I would like to introduce Australia's Liquor Act of 1992. Under Division 6 of this act, which is titled 'Adult Entertainment Permit'[1]

Please consider the following text from the Liquor Act's section 103P:
"(1) An adult entertainment permit authorises the permittee to provide adult entertainment only
(a) in an area of the permittee's premises approved by the commissioner (the approved area); and
(b) during the hours stated in the permit."

As this act pertains specifically to business in liquor and Adult Entertainment, the case stands assuredly against the flesh trader GK, who's improper use of the Hotel premises without a permit to conduct her business is undeniable. Ironically, the defense for GK necessitates categorizing her conduct under occupation, as indicated by my opponent's argument which I will reiterate below:

"Prostitution is GK's trade/occupation, and the hotel's denying her access to its services/factilities based on her occupation alone explicitly violates this law."

The case against GK is that she both wasn't discriminated based on occupation (rather based on her occupational conduct within premises), and that she had violated the 1992 Liquor Act. It is explicitly stated within the act that Adult Entertainment must be licensed.

Furthermore, Queensland Hotel's eviction of GK was not to her occupation, but to her conducting the exchange of her occupation within the premises of the Hotel. Prostitutes are allowed on hotel premises, but prohibiting the practice of prostitution within said premises is entirely up to the hotel management. It therefore has not violated any laws.
Hence the case against the Queensland Hotel fails. GK's eviction was justified.

The Liquor Act argument comes down to the definition of commercial Adult Entertainment. Luckily, Adult Entertainment has been defined by the very same legislatural text source provided[1]. Under section 103N, the following is written:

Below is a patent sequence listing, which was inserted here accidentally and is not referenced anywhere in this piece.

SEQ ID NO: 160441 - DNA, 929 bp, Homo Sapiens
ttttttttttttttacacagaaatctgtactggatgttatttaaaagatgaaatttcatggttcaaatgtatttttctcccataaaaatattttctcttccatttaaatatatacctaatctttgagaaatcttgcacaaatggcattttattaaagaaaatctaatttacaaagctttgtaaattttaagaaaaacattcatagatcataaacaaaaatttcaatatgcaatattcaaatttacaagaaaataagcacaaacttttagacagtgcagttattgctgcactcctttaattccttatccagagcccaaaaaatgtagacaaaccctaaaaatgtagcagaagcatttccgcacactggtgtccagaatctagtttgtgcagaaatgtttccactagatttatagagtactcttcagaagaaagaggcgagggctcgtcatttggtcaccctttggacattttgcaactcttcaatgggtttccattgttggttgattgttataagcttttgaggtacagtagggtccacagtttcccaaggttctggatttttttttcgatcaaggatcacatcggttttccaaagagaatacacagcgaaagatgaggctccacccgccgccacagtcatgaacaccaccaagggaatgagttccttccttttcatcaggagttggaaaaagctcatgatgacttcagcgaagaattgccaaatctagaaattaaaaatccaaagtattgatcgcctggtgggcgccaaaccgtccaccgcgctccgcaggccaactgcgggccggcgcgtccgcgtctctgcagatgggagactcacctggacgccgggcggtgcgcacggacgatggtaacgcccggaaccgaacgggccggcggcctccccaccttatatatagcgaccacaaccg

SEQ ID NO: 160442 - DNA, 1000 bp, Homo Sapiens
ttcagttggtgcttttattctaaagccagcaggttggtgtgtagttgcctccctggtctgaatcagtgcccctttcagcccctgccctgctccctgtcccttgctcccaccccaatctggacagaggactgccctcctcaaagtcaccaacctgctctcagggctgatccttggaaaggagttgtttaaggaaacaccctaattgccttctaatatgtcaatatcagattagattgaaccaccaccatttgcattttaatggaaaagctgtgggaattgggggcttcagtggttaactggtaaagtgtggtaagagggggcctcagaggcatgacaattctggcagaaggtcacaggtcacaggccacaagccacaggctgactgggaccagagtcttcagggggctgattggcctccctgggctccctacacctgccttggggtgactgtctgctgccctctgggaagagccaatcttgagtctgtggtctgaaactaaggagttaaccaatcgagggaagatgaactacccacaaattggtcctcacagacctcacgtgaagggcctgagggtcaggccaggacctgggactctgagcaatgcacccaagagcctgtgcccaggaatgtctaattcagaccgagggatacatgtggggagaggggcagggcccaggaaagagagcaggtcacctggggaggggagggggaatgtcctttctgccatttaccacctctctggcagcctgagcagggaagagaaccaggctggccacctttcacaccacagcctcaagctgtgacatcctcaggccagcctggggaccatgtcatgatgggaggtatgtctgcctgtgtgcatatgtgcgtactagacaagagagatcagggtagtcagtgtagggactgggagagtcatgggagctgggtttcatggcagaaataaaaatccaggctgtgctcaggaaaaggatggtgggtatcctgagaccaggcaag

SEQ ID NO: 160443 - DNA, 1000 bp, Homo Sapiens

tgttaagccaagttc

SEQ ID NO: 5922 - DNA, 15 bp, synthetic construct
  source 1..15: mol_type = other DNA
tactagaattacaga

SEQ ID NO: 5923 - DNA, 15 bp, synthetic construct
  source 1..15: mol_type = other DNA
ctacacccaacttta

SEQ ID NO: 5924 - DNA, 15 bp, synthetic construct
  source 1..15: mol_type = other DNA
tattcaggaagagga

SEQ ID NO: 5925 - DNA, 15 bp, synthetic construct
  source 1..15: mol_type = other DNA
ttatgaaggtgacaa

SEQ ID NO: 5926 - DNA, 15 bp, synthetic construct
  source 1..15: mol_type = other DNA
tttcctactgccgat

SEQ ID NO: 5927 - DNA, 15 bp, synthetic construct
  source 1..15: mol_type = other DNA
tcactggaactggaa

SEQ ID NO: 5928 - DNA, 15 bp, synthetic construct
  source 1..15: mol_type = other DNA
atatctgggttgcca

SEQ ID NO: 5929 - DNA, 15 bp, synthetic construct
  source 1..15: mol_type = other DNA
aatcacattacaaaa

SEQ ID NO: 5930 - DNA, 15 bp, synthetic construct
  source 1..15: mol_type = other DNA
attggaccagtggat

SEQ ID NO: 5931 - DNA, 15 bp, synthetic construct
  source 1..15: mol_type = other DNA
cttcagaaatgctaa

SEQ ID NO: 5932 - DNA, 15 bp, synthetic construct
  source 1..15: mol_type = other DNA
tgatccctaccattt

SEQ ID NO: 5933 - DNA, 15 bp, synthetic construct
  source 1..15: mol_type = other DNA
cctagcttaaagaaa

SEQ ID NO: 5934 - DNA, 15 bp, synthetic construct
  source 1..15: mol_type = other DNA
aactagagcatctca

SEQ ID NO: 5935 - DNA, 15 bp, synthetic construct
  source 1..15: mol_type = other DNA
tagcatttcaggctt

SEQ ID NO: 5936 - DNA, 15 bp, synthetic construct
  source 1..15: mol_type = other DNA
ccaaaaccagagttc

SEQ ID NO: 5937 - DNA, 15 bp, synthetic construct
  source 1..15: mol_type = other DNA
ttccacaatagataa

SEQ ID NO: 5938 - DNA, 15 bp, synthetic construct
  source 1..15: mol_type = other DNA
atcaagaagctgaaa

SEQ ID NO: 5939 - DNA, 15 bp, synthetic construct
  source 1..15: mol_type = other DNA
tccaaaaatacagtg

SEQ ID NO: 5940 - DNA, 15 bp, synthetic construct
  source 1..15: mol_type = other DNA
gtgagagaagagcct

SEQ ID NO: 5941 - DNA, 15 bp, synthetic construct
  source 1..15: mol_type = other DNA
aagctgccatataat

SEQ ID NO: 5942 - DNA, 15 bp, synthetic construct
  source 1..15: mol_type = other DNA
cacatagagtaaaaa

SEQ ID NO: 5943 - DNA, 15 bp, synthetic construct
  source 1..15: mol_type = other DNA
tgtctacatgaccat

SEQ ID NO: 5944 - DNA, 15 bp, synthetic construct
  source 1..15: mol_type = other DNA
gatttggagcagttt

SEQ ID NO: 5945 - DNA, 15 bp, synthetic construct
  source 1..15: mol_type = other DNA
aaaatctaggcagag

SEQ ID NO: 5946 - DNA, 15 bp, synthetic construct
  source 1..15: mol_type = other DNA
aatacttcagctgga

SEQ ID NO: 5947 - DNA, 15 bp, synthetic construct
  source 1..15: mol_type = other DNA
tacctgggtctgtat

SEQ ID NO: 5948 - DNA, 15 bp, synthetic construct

"(3) Adult entertainment does not include the performance of the following acts—
(a) sexual intercourse;
(b) masturbation;
(c) oral sex.
GK's actions cannot be considered Adult Entertainment as per this definition. Commercially provided sexual intercourse is still sexual intercourse. As explicitly written within the Liquor Act, sexual intercourse is not Adult Entertainment.

Now to address the second argument, which states that GK was evicted based on business conduct within the Queensland Hotel's premises and not based on her actual business or trade. I would like to point out the ludicrous nature of this argument.
Sexual activity without any monetary exchange is permitted, but those with monetary exchange isn't? Is this not arbitrary discrimination? Does this not violate the Queensland anti-discrimination act? The only difference between the cases presented is the monetary exchange. The Queensland Hotel evicted GK not because she was undergoing sexual intercourse, but because she had adopted sexual intercourse as a trade.
The contention, that the Queensland Hotel has violated two concurrent anti-discrimination laws, is affirmed. It's actions were not legally justified, and GK wins the case.
Debate Round No. 5
8 comments have been posted on this debate. Showing 1 through 8 records.
Posted by Beginner 3 years ago
This feels like a prostitution debate.. time to open up that one between imabench and Danielle XD
Posted by The_Chaos_Heart 3 years ago
I haven't heard of this. Can someone link me to an article about the case?
Posted by InVinoVeritas 3 years ago
But I wanted a pen*s waggling contest. :(
Posted by Oromagi 3 years ago
In fact, the sex worker lost in court, won her appeal but was overturned by the court of appeals a few weeks ago. She's also been ordered to pay the defendants' court costs. She can still appeal to the high court, but it doesn't sound like she will.
Posted by lannan13 3 years ago
You know the Sex Workers actually won this case.
Posted by Oromagi 3 years ago
I would be willing to give this debate a shot. I can't say I like the odds, defending an unpopular profession, but there are so few challenges offered with strong, objective arguments on both sides I'd the question. I'd never heard of the case before your challenge, but I did some preliminary googling and thought of a few arguments to support con.
Posted by lannan13 3 years ago
I want a good debate not a pen*s waggaling contenst.
Posted by imabench 3 years ago
'No sentiments'

I would troll the hell out of that had you not outruled trolling :P
1 votes has been placed for this debate.
Vote Placed by LevelWithMe 3 years ago
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Total points awarded:05 
Reasons for voting decision: Pro made no actual argument(he only revealed his method). Con provided a thorough argument, with a multitude of sources. Pro requested a Con vote.